The post will be an average of 6 sessions per week at DDRC Healthcare and 4 sessions per week in the Emergency Department, Derriford Hospital. Derriford Hospital is adjacent to DDRC Healthcare and is the largest teaching hospital in the southwest with a busy Emergency Department.

DDRC Healthcare provides HBO for elective and emergency patients for conditions including decompression Illness (DCI), tissue damage secondary to radiotherapy and diabetic ulcers.

Training will be provided in Diving and Hyperbaric Medicine and successful candidates will be encouraged and funded to enrol in the Postgraduate Certificate in Remote Healthcare run by the Plymouth University Peninsula Schools of Medicine and Dentistry or the Diploma in Occupational Medicine.

There is no on call commitment for the diving aspect of this post however individuals will be encouraged to be involved in the management of diving accidents. The ED sessions may include some night shifts.

For application form and further information see Employment section

To discuss the job or to arrange a visit – please contact Dr Christine Penny – or 01752 209999

Closing date:  25.8.16 at 1700                                interview date: 9.9.16


Extreme Medicine news!

Extreme Medicine


South Pole Rescue

June 14, 2016 saw two Twin Otter aircraft leave Calgary on the first leg of a multi-stage intercontinental flight to the Amundsen-Scott Pole Station.

The purpose of the flight – a medevac of a Lockheed Martin employee requiring a level of medical care unavailable at the station.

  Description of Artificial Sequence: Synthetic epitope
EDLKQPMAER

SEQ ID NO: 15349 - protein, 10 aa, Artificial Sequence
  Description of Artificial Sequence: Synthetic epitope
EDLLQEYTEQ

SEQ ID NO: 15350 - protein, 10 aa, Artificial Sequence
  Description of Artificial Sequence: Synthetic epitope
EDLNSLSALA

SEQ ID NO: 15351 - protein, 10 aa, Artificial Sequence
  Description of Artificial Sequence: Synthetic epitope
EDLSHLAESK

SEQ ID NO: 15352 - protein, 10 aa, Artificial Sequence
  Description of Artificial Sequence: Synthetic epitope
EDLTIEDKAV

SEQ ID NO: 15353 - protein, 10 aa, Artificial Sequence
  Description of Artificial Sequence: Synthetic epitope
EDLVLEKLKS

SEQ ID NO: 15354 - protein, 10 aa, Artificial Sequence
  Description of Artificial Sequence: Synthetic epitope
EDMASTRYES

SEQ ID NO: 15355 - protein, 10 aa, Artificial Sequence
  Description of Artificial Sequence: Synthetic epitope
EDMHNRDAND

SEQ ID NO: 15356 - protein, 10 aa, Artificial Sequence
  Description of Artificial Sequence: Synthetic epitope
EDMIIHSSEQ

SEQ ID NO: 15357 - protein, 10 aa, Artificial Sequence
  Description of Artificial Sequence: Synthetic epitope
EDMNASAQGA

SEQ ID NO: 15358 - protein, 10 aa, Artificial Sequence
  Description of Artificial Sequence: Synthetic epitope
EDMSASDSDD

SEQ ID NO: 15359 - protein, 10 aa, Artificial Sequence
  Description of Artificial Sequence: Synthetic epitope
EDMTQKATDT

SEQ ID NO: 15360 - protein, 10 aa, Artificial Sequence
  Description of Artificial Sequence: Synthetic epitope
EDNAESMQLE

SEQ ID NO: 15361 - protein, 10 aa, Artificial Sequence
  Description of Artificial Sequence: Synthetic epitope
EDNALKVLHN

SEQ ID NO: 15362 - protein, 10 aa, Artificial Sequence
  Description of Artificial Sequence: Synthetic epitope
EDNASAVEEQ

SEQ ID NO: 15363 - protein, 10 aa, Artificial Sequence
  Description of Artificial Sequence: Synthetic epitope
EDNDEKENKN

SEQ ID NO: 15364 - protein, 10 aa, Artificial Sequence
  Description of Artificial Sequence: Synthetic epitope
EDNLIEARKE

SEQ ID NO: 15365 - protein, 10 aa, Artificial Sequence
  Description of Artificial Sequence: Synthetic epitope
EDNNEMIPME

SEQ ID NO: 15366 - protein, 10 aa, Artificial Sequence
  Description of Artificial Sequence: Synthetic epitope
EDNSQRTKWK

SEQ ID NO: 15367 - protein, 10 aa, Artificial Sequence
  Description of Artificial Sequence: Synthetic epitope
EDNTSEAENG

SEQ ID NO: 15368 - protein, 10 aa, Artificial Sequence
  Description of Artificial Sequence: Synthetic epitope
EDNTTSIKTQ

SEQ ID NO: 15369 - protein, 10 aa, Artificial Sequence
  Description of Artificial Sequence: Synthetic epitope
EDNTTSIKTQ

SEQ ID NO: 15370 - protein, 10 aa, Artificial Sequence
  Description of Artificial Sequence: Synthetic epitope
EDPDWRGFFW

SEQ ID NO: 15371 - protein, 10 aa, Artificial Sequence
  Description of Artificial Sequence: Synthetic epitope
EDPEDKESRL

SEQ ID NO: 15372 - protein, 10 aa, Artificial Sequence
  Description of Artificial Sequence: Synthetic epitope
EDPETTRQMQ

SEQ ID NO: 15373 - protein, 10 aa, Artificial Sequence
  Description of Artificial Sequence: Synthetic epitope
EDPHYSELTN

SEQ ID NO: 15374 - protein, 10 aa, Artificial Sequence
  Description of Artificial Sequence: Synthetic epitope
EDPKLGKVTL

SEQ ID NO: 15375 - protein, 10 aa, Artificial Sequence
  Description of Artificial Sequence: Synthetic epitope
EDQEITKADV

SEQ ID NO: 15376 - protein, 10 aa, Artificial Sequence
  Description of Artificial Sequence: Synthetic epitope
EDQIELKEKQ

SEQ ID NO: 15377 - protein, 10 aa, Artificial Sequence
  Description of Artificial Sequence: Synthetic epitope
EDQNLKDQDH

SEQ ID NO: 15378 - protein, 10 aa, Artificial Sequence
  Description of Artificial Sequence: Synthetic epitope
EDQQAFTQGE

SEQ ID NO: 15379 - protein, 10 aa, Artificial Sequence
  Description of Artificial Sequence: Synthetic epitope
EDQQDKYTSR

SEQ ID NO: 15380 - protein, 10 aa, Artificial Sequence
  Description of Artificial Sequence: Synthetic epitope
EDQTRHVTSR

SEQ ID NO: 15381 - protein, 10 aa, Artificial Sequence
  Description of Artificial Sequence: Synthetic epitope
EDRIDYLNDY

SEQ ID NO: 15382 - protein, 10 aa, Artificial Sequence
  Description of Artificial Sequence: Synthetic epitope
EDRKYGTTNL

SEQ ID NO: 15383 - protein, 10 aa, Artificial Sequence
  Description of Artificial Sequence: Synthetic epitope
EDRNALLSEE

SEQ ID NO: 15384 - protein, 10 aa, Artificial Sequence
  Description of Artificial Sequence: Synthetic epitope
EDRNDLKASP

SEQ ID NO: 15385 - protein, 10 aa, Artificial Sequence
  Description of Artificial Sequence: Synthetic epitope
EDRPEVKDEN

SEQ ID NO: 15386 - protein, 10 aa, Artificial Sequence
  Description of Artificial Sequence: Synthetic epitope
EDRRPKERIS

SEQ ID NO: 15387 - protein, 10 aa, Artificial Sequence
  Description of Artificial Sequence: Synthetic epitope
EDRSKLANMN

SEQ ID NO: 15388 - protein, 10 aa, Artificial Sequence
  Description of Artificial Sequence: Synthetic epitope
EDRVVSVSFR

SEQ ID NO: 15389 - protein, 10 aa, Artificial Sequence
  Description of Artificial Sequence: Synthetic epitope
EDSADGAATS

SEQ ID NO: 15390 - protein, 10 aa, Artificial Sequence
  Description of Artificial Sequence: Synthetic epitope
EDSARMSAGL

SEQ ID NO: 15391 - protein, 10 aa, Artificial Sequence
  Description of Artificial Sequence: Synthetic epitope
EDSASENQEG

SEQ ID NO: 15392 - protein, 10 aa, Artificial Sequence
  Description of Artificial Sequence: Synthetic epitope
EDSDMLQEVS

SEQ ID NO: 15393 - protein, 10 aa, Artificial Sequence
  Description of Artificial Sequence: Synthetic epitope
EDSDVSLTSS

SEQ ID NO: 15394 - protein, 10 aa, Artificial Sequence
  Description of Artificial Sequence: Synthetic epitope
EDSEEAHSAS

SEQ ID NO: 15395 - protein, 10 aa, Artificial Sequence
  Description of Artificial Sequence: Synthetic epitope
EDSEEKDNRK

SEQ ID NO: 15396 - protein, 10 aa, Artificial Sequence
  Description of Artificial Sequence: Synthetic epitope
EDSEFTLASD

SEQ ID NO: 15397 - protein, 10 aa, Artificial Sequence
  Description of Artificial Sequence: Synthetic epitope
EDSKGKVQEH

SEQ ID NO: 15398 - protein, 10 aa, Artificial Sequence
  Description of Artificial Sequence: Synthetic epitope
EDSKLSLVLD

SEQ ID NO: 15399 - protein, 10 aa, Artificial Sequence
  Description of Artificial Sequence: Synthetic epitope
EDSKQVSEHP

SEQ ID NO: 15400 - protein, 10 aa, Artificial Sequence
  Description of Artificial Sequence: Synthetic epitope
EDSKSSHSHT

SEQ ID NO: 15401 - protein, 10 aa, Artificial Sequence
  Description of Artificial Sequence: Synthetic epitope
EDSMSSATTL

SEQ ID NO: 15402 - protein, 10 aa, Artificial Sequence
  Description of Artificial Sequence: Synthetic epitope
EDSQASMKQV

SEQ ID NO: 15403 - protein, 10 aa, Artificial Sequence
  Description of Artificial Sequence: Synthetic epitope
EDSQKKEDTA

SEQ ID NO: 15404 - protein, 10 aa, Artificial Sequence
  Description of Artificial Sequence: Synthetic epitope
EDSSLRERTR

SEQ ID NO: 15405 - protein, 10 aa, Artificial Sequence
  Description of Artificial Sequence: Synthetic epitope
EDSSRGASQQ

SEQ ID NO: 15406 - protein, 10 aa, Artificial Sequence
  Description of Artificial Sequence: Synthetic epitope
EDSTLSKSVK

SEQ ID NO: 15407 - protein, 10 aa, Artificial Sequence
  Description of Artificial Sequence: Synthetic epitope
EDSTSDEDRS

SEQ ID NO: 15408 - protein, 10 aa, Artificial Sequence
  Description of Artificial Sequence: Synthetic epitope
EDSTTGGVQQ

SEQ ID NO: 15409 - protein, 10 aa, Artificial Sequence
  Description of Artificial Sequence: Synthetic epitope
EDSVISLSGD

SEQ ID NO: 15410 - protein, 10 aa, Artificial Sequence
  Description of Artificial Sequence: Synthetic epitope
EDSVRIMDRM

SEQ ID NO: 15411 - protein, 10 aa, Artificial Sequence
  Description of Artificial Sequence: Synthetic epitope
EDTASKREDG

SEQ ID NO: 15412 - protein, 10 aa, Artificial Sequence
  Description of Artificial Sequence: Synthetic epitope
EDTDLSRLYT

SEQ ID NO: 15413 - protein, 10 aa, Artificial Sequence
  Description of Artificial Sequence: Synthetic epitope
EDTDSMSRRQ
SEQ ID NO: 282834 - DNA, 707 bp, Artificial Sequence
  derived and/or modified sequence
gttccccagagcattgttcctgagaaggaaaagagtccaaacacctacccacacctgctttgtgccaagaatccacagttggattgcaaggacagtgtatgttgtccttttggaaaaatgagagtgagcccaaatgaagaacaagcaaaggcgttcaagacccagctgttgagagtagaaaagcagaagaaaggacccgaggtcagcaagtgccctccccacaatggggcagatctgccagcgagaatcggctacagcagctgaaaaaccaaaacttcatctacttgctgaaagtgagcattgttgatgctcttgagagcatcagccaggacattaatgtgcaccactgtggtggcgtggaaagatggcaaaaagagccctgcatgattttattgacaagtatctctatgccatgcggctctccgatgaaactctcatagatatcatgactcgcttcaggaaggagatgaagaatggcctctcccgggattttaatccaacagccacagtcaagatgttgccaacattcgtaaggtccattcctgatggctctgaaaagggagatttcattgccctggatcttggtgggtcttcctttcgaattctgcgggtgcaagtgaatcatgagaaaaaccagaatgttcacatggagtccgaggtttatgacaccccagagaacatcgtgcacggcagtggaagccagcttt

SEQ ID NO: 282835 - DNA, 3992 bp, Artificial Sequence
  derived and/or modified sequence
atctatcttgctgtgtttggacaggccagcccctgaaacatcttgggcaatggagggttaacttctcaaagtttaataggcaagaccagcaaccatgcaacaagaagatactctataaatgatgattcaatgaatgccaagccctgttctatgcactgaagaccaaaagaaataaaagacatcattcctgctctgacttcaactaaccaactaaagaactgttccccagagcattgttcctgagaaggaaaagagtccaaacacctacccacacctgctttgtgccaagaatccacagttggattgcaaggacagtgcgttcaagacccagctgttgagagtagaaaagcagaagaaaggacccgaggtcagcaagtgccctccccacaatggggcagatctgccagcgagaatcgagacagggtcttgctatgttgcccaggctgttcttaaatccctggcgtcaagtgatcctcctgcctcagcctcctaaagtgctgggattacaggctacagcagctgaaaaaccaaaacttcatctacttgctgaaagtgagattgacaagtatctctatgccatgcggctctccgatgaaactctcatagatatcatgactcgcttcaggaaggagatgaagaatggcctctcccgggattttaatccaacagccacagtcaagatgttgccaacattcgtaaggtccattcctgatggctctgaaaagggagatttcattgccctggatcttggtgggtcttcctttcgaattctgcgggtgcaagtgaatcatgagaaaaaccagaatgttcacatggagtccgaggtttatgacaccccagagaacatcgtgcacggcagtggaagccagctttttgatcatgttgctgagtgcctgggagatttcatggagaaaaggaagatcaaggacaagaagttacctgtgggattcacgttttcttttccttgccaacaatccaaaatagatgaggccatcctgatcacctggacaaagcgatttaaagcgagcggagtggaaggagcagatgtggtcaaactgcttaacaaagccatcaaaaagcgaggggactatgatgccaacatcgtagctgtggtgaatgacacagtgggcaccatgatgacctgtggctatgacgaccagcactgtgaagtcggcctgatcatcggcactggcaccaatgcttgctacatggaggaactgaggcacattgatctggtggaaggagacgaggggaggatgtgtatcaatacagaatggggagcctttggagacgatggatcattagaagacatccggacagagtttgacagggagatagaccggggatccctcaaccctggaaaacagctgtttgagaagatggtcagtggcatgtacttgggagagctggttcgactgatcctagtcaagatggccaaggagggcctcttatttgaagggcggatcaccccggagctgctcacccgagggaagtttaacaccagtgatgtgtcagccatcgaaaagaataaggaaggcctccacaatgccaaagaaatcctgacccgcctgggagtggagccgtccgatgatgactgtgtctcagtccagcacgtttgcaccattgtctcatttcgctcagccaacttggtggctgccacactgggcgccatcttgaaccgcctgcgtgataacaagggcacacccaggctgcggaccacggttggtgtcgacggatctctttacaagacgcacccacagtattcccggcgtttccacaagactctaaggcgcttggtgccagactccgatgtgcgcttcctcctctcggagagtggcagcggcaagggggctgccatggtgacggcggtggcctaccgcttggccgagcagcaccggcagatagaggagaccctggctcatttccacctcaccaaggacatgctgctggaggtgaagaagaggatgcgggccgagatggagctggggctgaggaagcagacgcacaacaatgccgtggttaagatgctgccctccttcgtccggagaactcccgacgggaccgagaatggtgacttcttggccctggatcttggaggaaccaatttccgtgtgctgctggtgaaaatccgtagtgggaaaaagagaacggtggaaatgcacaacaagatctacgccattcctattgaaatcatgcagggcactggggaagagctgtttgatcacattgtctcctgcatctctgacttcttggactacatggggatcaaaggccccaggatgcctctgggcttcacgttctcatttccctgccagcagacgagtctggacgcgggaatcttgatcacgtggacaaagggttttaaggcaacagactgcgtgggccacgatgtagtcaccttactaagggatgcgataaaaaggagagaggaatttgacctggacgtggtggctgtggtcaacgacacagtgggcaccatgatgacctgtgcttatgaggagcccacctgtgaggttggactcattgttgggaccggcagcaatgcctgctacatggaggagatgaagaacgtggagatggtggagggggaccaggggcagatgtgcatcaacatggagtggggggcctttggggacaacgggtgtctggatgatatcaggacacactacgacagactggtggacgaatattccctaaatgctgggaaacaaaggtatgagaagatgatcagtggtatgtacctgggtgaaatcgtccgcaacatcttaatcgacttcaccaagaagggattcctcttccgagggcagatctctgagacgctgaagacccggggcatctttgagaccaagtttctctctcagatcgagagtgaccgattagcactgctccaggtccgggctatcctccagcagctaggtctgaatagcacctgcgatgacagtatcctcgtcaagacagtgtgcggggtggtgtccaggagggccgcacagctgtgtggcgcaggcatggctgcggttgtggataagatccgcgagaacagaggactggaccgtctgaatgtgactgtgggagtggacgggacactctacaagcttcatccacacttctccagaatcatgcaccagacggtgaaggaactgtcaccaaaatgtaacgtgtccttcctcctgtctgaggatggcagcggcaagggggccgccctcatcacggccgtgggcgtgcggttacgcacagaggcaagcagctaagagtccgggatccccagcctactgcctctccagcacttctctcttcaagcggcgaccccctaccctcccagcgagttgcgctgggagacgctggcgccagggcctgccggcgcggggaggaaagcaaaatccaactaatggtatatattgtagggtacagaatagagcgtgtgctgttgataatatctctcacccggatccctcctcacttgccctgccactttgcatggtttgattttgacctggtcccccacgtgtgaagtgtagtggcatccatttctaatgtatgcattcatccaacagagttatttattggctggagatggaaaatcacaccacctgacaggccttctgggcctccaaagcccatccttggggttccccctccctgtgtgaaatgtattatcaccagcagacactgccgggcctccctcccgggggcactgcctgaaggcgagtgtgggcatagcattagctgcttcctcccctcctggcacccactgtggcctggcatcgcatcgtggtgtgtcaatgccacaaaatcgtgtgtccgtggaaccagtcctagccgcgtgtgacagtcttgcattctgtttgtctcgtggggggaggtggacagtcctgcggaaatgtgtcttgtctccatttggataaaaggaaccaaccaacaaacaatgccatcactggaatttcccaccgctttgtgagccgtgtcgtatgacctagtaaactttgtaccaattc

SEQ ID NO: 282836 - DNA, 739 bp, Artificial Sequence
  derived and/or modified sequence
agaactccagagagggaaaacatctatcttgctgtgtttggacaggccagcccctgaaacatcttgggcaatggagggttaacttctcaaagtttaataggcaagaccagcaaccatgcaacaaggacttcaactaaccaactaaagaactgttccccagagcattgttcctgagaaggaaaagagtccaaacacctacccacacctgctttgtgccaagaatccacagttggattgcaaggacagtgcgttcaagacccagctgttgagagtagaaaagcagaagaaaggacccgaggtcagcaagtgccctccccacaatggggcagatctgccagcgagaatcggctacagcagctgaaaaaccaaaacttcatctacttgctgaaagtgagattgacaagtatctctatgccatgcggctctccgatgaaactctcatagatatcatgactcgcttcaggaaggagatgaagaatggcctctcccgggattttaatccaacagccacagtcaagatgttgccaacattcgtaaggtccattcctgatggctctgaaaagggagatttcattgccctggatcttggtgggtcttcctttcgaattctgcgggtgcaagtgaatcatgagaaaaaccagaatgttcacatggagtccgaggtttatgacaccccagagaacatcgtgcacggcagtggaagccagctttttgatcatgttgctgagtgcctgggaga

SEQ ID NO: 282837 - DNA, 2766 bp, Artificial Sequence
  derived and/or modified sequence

Being mid-winter in Antarctica the crew faced severe weather challenges and extreme conditions, to pull-off this rescue.

Read the updates from Kenn Borek Air Ltd HERE and for some ligh-hearted interviews check out Global News’ article.

Explore the UK

Bothies are a great way to shelter and stay overnight out in the wilderness. Scattered throughout the UK, these shelters are very basic, often very remote and cannot be booked.

You could arrive at a bothy to find a group of fellow wilderness lovers just heating up a brew or your group could have the place to yourself – the great thing is, you won’t know until you arrive!

For more about bothies read Red Bull’s article and then head over to theMountain Bothies Association and plan your next adventure.

Are you working in an extreme environment?

STV Productions want to speak to medical practitioners working in remote, especially jungle, locations.

We’ve not got much info on this so if this sound like you, get in touch with STVHERE

Conservation projects for medics

If you’re a lover of nature and would love to work more closely with conservation projects, there’s loads out there for you.

As we say here at WEM, ‘where man goes, medicine must follow’ and conservation projects are part of that. You’ll be more than a medic, you’ll form part of the whole team and have opportunities to apply your skills in different areas.

Sea Shepherd (appearing at the Expo),Blue Ventures and Barefoot Conservation are great organisation to follow if you’d love to work near, in or on the sea. For land lovers the Naankuse Foundation and the Luangwa Safaris Association are great examples of opportunities open to you.

Whatever your favourite environment to work in, we’ve got a course to help you understand the challenges you may face. Check out our course page HERE.

Last chance for Polar Medicine

Fancy taking your clinical skills to cold environments? If you’re answering ‘yes’ then we’ve got something for you.

In just a few short weeks we’ll be just outside Wanaka with our team of expert cold weather lovers. From mountain summits to the North Pole our faculty has a huge and varied experience which they’re ready to share with you.

To find out more visit our Polar New Zealand course page, if the northern hemisphere is more suitable for you then how about joining us in Norway next February?

Friday fun

Head over to Life in the Fast Lane’s fantastic site and try your hand at the Funtabulously Frivolous Friday Five.